Seatrade Insider has been told there is currently no Ebola screening policy for cruise arrivals in Jamaica, despite media reports of plans for this at the port of Falmouth.
In Belize, the procedure—according to Carnival Cruise Lines—involves a public health official boarding the ship with the pilot to meet with a member of the guest services management to review the passenger and crew manifest, countries of origin and any additional documentation the health officer may wish to see related to specific individuals.
'Initially the process was causing some arrival delays for the ships. However, it seems to be working more smoothly now,' a Carnival spokeswoman said.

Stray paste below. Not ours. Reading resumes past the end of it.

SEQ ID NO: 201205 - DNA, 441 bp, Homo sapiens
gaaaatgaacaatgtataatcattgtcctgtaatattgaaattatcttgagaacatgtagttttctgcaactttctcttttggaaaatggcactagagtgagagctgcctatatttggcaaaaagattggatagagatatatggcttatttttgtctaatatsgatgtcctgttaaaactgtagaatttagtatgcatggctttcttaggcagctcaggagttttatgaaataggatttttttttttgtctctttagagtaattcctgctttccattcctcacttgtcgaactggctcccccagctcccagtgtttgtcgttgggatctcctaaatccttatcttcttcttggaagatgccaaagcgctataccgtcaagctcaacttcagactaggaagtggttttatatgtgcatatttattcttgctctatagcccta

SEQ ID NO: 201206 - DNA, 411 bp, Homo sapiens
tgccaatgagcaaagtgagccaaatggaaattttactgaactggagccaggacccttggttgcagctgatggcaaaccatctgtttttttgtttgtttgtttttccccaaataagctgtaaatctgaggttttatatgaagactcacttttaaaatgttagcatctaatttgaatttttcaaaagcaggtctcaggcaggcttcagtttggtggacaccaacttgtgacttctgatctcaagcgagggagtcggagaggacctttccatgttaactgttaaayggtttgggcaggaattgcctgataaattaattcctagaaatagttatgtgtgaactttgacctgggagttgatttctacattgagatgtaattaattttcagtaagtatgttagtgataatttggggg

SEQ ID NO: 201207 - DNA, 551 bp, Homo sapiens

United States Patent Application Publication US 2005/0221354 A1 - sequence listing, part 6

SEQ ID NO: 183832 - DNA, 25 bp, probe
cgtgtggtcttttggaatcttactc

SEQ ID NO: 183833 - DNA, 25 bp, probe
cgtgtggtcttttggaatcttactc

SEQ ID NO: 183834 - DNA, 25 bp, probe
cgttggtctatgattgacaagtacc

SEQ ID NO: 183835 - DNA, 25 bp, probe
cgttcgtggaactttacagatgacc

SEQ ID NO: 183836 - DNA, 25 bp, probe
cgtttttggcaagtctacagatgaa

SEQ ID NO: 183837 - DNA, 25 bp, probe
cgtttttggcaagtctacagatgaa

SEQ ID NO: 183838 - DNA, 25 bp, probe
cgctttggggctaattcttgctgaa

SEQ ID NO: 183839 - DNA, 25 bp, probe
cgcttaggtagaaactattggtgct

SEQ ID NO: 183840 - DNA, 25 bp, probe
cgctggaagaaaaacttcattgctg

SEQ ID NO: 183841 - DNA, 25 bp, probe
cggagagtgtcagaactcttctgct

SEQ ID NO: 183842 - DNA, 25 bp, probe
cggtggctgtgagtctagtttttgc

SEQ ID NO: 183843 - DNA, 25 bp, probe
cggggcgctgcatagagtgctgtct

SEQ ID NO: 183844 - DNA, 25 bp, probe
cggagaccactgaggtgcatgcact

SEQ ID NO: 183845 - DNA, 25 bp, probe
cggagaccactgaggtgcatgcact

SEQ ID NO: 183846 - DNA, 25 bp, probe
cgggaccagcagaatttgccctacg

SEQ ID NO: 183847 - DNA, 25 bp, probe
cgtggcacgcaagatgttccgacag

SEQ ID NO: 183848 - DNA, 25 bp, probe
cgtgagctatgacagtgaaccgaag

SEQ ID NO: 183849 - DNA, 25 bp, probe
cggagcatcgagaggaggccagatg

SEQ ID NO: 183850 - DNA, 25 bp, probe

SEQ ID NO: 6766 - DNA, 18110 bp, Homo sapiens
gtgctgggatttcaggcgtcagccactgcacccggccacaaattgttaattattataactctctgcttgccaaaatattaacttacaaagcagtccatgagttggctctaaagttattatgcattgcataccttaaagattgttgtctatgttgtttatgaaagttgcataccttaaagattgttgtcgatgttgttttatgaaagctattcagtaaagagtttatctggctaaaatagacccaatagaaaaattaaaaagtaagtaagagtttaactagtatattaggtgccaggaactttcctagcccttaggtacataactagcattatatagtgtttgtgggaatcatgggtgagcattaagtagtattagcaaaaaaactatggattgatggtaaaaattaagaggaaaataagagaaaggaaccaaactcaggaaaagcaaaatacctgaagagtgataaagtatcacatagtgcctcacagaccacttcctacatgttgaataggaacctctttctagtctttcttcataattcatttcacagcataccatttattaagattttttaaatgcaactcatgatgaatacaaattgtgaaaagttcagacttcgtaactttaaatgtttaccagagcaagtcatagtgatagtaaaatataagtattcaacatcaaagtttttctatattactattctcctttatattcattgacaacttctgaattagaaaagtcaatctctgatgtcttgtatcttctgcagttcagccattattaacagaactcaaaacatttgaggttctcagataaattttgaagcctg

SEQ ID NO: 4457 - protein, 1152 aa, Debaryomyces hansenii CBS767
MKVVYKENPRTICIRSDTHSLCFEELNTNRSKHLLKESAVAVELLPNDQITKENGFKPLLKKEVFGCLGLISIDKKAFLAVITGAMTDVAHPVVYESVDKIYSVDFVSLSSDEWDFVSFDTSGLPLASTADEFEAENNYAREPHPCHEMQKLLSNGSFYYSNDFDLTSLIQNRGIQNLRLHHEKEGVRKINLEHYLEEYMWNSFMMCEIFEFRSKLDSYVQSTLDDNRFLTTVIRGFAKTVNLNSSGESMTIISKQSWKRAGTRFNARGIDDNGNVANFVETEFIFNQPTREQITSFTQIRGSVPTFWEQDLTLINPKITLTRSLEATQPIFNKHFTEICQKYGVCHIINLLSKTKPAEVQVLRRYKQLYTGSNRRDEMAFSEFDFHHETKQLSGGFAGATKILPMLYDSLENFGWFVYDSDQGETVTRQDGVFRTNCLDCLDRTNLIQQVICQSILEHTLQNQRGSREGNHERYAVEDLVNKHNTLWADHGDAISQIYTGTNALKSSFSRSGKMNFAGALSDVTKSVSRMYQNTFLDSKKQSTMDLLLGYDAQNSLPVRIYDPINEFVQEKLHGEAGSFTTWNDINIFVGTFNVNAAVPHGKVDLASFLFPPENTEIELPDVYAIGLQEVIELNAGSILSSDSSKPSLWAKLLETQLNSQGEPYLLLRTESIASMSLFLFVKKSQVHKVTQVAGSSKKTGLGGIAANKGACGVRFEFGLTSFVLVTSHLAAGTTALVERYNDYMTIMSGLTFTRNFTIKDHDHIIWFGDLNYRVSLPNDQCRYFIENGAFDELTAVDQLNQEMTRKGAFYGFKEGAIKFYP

A Royal Caribbean spokeswoman concurred there have been no delays for clearance in Belize.
Cruise ships themselves screen for Ebola.
Any passengers or crew who have visited or traveled through Liberia, Sierra Leone and Guinea within 21 days of a cruise departure date are denied boarding, along with anyone who has had physical contact with, or helped care for, a person with Ebola within 21 days, according to Cruise Lines International Association members.
Additionally, passengers must answer a series of health screening questions during embarkation and, if deemed necessary, must submit to further medical screening prior to being allowed to board.
The Ebola measures are mandatory for CLIA members, and the association requires member cruise lines to verify in writing that they have implemented them.
CLIA said it and member cruise lines are actively monitoring the Ebola situation and remain in constant contact with public health authorities.